T. Rowe Price (NASDAQ:TROW) isn't the best-known investment management company in the industry, but with more than half a trillion dollars under management, the company has a long history of serving its mutual-fund customers well. For T. Rowe Price stock, the benefits of the long bull market in stocks and the forward-thinking nature of its no-load fund strategy have helped boost the company's bottom line, and even as the competitive threat of exchange-traded funds have weighed on mutual-fund managers throughout the industry, recent market turmoil could give the company a chance to regain some of those who fled actively managed funds during the financial crisis. Let's take a closer look at T. Rowe Price to find out what's been happening with it lately and how its stock can move higher.
Asset management: a winning business model
Shareholders of T. Rowe Price and its peers have found that investing in asset management companies directly can be an even more lucrative proposition than investing in the funds that they offer. T. Rowe Price stock has seen dramatic long-term growth, with average annual returns exceeding 20% over the past two decades.
The reason for that growth is simple: T. Rowe Price collects management fees based on the amount of assets it manages. As the long bull market of the 1990s gained momentum, the company boosted its assets, and therefore its income. Meanwhile, even when bear markets temporarily sent its stock downward, T. Rowe Price rapidly recovered from those declines and started heading higher when the next advance for the stock market began.
Lately, though, T. Rowe Price hasn't benefited as much from share-price gains. Competitor Invesco (NYSE:IVZ) has managed to expand its margins and produce growth among its current lineup of funds, with exposure to a big range of markets that leaves it broadly placed to serve its customers' needs. But for T. Rowe Price and peer Federated Investors (NYSE:FII), investors haven't been putting as much money to work in their funds as analysts had expected to see, and that has led to some growth shortfalls. Federated in particular missed its earnings estimates in its most recent quarter, and analysts see growth there slowing to just 3%. T. Rowe Price has better prospects, retaining its double-digit revenue growth, but after a substantial move upward at the beginning of the year, its stock has treaded water.
The ETF threat
Part of what has tempered T. Rowe Price's success has been the rise of exchange-traded funds. Mutual-fund rivals Fidelity and Vanguard have embraced ETFs, with Vanguard steadily growing its own line of index ETFs to go alongside its index mutual fund offerings, while Fidelity entered into a partnership with BlackRock (NYSE:BLK) to offer its iShares line of ETFs at no commission to Fidelity customers. BlackRock in particular has vaulted to top status in the ETF industry, and although the fees that it collects from ETF assets are less on a percentage basis than what T. Rowe Price earns from active management, BlackRock's asset advantage makes it hugely profitable.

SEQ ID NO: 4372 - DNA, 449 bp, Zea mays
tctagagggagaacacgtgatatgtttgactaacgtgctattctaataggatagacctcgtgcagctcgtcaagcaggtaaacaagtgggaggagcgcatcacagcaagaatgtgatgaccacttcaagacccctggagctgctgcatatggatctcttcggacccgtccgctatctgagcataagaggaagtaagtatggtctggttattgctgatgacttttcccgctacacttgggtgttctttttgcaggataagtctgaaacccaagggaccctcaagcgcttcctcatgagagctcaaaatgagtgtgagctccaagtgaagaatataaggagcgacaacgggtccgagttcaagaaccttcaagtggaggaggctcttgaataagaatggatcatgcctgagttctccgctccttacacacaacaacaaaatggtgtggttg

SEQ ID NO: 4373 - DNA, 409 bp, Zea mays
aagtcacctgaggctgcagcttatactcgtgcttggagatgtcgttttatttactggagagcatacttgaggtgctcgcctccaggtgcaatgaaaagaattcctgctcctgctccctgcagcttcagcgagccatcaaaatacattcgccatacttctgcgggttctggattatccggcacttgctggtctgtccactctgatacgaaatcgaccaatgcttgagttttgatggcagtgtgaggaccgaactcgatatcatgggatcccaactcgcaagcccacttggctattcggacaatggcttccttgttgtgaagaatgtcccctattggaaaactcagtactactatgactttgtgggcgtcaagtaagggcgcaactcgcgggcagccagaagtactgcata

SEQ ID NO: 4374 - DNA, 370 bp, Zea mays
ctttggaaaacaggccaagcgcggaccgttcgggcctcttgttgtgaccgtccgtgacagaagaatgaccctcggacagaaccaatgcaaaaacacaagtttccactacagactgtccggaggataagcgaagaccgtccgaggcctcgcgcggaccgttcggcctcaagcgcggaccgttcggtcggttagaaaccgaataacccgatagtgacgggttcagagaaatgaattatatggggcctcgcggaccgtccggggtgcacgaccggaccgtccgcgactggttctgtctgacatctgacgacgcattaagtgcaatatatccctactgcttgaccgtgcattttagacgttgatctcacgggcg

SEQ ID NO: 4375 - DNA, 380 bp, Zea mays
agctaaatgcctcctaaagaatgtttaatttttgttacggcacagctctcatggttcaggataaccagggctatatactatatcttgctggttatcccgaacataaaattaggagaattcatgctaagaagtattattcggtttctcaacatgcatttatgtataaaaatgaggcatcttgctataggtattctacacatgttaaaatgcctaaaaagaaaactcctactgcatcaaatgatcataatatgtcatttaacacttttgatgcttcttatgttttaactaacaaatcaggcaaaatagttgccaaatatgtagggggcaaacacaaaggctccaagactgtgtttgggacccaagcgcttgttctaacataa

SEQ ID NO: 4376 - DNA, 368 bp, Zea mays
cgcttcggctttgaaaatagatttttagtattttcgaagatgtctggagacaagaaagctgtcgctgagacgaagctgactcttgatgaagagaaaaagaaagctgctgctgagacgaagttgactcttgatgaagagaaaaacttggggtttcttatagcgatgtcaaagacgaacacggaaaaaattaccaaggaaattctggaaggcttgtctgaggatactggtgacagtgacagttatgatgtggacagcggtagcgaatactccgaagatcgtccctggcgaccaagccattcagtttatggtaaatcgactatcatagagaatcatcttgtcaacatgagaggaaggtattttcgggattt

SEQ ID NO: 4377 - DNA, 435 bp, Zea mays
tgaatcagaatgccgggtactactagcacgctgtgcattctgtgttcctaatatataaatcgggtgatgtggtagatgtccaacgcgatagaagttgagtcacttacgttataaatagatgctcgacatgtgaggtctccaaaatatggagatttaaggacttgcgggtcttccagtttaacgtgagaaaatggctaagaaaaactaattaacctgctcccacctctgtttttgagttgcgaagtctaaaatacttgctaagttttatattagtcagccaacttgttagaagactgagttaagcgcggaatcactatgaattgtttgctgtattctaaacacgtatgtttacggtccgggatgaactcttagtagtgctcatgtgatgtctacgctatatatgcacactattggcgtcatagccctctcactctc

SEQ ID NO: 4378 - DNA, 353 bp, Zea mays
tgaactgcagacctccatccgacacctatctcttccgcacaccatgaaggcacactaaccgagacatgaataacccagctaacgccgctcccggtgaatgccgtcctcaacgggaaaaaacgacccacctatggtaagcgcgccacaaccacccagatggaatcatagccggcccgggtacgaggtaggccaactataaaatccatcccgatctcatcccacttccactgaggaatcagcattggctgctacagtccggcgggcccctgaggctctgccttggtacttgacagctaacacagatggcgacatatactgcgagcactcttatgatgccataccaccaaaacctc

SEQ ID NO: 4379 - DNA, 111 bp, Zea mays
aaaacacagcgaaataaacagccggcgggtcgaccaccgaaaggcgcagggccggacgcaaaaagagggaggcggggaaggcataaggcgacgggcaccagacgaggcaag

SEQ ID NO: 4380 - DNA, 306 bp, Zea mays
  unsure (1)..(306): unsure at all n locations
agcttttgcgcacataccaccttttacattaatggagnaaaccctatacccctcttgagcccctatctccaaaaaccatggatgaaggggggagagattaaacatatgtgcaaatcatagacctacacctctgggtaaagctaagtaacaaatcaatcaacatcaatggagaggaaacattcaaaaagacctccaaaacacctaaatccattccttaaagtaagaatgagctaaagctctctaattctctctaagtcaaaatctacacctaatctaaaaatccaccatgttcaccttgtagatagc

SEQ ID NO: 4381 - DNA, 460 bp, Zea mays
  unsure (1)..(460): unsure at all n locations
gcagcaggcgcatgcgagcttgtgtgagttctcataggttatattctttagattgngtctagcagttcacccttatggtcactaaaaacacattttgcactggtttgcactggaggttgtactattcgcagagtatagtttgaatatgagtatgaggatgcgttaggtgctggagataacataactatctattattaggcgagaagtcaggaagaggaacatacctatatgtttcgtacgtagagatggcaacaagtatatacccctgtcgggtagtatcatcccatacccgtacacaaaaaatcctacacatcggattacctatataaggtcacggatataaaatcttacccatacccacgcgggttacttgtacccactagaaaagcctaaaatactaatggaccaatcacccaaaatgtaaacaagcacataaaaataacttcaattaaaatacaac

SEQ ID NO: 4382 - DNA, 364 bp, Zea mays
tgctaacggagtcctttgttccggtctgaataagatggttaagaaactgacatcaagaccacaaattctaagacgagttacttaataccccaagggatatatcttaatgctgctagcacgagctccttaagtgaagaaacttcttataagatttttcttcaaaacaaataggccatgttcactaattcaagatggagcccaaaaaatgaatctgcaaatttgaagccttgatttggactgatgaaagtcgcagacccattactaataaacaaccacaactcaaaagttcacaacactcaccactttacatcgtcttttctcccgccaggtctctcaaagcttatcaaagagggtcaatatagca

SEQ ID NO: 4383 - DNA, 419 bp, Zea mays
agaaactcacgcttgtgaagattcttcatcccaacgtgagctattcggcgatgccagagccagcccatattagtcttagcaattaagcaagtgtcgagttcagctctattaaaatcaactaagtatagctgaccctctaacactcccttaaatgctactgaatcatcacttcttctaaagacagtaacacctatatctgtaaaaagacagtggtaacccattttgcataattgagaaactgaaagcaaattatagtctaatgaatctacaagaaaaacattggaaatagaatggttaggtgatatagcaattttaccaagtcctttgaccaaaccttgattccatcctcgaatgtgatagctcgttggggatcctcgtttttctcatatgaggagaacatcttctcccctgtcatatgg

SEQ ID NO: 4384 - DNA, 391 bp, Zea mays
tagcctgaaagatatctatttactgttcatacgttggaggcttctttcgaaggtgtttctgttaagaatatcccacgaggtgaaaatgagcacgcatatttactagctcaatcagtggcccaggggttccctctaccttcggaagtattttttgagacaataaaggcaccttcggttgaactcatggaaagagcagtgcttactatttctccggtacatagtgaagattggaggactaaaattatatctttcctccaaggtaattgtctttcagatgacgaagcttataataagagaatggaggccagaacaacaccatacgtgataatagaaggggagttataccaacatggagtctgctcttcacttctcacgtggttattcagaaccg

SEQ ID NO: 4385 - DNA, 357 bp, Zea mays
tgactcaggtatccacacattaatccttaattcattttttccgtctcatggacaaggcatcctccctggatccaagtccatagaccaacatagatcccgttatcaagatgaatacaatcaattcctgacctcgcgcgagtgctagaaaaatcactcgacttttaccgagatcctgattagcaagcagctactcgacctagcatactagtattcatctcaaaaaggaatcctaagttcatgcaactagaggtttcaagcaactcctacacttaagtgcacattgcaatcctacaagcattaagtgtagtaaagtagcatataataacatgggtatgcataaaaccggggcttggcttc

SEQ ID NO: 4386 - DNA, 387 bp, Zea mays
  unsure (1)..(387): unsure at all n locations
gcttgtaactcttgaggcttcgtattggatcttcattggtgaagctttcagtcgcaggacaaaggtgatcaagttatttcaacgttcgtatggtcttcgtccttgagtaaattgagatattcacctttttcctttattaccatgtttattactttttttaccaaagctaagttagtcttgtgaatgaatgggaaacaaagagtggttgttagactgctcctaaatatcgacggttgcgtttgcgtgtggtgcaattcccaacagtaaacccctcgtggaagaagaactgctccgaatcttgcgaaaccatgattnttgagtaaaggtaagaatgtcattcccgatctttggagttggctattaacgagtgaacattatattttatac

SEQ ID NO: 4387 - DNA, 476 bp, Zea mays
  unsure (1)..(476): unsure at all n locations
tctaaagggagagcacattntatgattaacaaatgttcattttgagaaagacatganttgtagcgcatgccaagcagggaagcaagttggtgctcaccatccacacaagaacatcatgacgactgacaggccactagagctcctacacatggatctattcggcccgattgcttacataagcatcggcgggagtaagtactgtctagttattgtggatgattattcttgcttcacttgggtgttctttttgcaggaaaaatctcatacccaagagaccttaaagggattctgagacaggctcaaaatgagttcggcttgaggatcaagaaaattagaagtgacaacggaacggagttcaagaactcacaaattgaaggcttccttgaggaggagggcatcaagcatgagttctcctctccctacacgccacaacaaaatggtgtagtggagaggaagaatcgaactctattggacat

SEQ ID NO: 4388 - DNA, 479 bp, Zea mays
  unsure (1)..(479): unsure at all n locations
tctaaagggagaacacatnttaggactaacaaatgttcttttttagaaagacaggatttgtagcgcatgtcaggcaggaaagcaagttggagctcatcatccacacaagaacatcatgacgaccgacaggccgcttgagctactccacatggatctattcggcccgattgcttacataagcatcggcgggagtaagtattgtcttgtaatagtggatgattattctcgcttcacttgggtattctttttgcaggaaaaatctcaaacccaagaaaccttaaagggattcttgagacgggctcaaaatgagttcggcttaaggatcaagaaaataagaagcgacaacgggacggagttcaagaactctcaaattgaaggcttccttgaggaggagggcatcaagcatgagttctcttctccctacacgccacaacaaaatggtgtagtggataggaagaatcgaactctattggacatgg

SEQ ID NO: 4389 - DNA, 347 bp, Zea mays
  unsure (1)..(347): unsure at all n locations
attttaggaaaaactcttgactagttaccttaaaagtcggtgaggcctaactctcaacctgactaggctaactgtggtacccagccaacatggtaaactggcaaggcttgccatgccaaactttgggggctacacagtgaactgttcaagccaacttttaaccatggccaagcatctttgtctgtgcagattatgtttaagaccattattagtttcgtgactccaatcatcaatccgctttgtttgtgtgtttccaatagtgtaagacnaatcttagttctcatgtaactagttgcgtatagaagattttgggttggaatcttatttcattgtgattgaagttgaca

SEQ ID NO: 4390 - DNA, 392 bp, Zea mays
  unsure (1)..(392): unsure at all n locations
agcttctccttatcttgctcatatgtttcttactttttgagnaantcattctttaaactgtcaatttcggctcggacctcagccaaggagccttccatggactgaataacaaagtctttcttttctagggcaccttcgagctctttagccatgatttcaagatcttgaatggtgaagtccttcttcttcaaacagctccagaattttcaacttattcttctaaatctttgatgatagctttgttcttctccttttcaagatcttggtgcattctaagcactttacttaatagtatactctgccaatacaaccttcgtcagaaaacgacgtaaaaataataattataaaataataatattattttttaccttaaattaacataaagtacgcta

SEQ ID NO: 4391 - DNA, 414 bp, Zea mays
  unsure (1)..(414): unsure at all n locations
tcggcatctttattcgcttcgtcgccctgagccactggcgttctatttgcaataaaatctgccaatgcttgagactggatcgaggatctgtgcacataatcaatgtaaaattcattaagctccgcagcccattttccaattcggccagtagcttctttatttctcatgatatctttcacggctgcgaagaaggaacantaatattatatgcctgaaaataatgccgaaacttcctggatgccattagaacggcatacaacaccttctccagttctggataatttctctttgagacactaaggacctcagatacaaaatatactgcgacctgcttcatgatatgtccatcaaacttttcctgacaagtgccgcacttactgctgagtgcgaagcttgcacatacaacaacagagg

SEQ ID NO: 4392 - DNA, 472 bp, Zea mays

Some of T. Rowe Price's competitors have made moves toward offering actively managed ETFs. For instance, earlier this year, Eaton Vance (NYSE:EV) filed with the SEC to create a new type of ETF, limiting the amount of disclosure the company would have to make about its holdings. So far, actively managed ETF have largely been limited to the bond arena, where requirements for daily disclosure of holdings don't represent as much of a loss of proprietary information. For now, T. Rowe Price has said it has no immediate plans to offer active ETFs.
How T. Rowe Price can win
Typically, market downturns are negative for asset managers, but this one represents an opportunity for T. Rowe Price. The ETF movement has taught investors that they're better off paying low fees to handle their own investments, and ETFs work particularly well during sharply rising bull markets. When stocks fall, though, investors see more value in professional management. With solutions like its target retirement funds, 529 college savings plans, and other fully managed options, T. Rowe Price has the chance to regain some of its lost luster and capture more assets.
With a long history of steadily rising dividend payments, T. Rowe Price stock justifies its somewhat lofty valuation. But future gains for the shares depend on the company's ability to follow through on poaching business from index ETFs. The short-term pain from a bear market could actually lead to long-term gains for T. Rowe Price.
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Fool contributor Dan Caplinger has no position in any stocks mentioned. You can follow him on Twitter @DanCaplinger. The Motley Fool recommends BlackRock and Federated Investors. Try any of our Foolish newsletter services free for 30 days. We Fools may not all hold the same opinions, but we all believe that considering a diverse range of insights makes us better investors. The Motley Fool has a disclosure policy.